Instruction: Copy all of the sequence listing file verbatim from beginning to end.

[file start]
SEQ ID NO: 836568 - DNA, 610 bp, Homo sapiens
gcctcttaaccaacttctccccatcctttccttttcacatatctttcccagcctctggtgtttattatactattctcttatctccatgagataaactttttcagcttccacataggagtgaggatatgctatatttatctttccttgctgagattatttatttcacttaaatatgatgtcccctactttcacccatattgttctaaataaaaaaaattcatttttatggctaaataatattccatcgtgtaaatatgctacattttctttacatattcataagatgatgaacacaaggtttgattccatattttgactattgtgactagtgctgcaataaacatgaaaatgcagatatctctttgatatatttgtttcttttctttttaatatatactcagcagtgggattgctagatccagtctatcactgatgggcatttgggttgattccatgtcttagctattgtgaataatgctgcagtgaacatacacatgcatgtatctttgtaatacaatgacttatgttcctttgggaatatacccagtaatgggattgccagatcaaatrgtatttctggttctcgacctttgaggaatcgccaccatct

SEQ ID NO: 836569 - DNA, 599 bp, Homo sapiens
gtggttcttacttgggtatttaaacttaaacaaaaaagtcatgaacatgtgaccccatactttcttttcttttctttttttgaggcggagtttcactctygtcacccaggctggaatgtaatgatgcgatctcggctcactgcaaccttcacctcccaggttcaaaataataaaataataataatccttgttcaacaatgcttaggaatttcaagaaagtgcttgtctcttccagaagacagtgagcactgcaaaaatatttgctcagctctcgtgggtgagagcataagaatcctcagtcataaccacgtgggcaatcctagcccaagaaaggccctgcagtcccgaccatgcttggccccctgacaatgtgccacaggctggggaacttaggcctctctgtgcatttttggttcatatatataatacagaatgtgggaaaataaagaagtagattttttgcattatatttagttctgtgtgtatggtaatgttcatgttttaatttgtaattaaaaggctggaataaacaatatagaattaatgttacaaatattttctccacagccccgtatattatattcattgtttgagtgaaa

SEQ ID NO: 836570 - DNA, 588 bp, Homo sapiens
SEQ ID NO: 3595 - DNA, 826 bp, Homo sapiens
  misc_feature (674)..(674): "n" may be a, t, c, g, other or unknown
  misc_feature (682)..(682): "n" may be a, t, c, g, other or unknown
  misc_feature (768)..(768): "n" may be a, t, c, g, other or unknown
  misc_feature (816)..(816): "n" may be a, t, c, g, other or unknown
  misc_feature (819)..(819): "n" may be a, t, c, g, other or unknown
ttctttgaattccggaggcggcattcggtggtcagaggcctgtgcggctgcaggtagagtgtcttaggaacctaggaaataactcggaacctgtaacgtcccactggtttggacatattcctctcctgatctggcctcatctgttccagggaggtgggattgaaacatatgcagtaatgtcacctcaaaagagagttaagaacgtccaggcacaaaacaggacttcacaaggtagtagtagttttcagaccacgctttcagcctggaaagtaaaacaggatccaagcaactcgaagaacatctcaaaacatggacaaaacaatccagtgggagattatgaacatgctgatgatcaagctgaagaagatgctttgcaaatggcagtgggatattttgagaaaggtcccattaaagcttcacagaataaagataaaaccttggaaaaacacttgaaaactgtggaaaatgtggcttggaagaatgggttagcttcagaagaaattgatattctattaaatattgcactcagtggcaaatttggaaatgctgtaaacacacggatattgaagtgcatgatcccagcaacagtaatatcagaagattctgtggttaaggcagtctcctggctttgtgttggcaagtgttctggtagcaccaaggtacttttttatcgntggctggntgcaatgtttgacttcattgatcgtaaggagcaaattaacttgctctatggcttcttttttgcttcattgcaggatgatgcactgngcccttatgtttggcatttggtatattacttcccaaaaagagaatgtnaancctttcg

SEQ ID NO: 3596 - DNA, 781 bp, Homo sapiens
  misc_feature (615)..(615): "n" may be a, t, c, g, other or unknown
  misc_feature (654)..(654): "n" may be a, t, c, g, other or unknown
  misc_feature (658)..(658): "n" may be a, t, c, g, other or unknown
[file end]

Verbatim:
SEQ ID NO: 836568 - DNA, 610 bp, Homo sapiens
gcctcttaaccaacttctccccatcctttccttttcacatatctttcccagcctctggtgtttattatactattctcttatctccatgagataaactttttcagcttccacataggagtgaggatatgctatatttatctttccttgctgagattatttatttcacttaaatatgatgtcccctactttcacccatattgttctaaataaaaaaaattcatttttatggctaaataatattccatcgtgtaaatatgctacattttctttacatattcataagatgatgaacacaaggtttgattccatattttgactattgtgactagtgctgcaataaacatgaaaatgcagatatctctttgatatatttgtttcttttctttttaatatatactcagcagtgggattgctagatccagtctatcactgatgggcatttgggttgattccatgtcttagctattgtgaataatgctgcagtgaacatacacatgcatgtatctttgtaatacaatgacttatgttcctttgggaatatacccagtaatgggattgccagatcaaatrgtatttctggttctcgacctttgaggaatcgccaccatct

SEQ ID NO: 836569 - DNA, 599 bp, Homo sapiens
gtggttcttacttgggtatttaaacttaaacaaaaaagtcatgaacatgtgaccccatactttcttttcttttctttttttgaggcggagtttcactctygtcacccaggctggaatgtaatgatgcgatctcggctcactgcaaccttcacctcccaggttcaaaataataaaataataataatccttgttcaacaatgcttaggaatttcaagaaagtgcttgtctcttccagaagacagtgagcactgcaaaaatatttgctcagctctcgtgggtgagagcataagaatcctcagtcataaccacgtgggcaatcctagcccaagaaaggccctgcagtcccgaccatgcttggccccctgacaatgtgccacaggctggggaacttaggcctctctgtgcatttttggttcatatatataatacagaatgtgggaaaataaagaagtagattttttgcattatatttagttctgtgtgtatggtaatgttcatgttttaatttgtaattaaaaggctggaataaacaatatagaattaatgttacaaatattttctccacagccccgtatattatattcattgtttgagtgaaa

SEQ ID NO: 836570 - DNA, 588 bp, Homo sapiens
SEQ ID NO: 3595 - DNA, 826 bp, Homo sapiens
  misc_feature (674)..(674): "n" may be a, t, c, g, other or unknown
  misc_feature (682)..(682): "n" may be a, t, c, g, other or unknown
  misc_feature (768)..(768): "n" may be a, t, c, g, other or unknown
  misc_feature (816)..(816): "n" may be a, t, c, g, other or unknown
  misc_feature (819)..(819): "n" may be a, t, c, g, other or unknown
ttctttgaattccggaggcggcattcggtggtcagaggcctgtgcggctgcaggtagagtgtcttaggaacctaggaaataactcggaacctgtaacgtcccactggtttggacatattcctctcctgatctggcctcatctgttccagggaggtgggattgaaacatatgcagtaatgtcacctcaaaagagagttaagaacgtccaggcacaaaacaggacttcacaaggtagtagtagttttcagaccacgctttcagcctggaaagtaaaacaggatccaagcaactcgaagaacatctcaaaacatggacaaaacaatccagtgggagattatgaacatgctgatgatcaagctgaagaagatgctttgcaaatggcagtgggatattttgagaaaggtcccattaaagcttcacagaataaagataaaaccttggaaaaacacttgaaaactgtggaaaatgtggcttggaagaatgggttagcttcagaagaaattgatattctattaaatattgcactcagtggcaaatttggaaatgctgtaaacacacggatattgaagtgcatgatcccagcaacagtaatatcagaagattctgtggttaaggcagtctcctggctttgtgttggcaagtgttctggtagcaccaaggtacttttttatcgntggctggntgcaatgtttgacttcattgatcgtaaggagcaaattaacttgctctatggcttcttttttgcttcattgcaggatgatgcactgngcccttatgtttggcatttggtatattacttcccaaaaagagaatgtnaancctttcg

SEQ ID NO: 3596 - DNA, 781 bp, Homo sapiens
  misc_feature (615)..(615): "n" may be a, t, c, g, other or unknown
  misc_feature (654)..(654): "n" may be a, t, c, g, other or unknown
  misc_feature (658)..(658): "n" may be a, t, c, g, other or unknown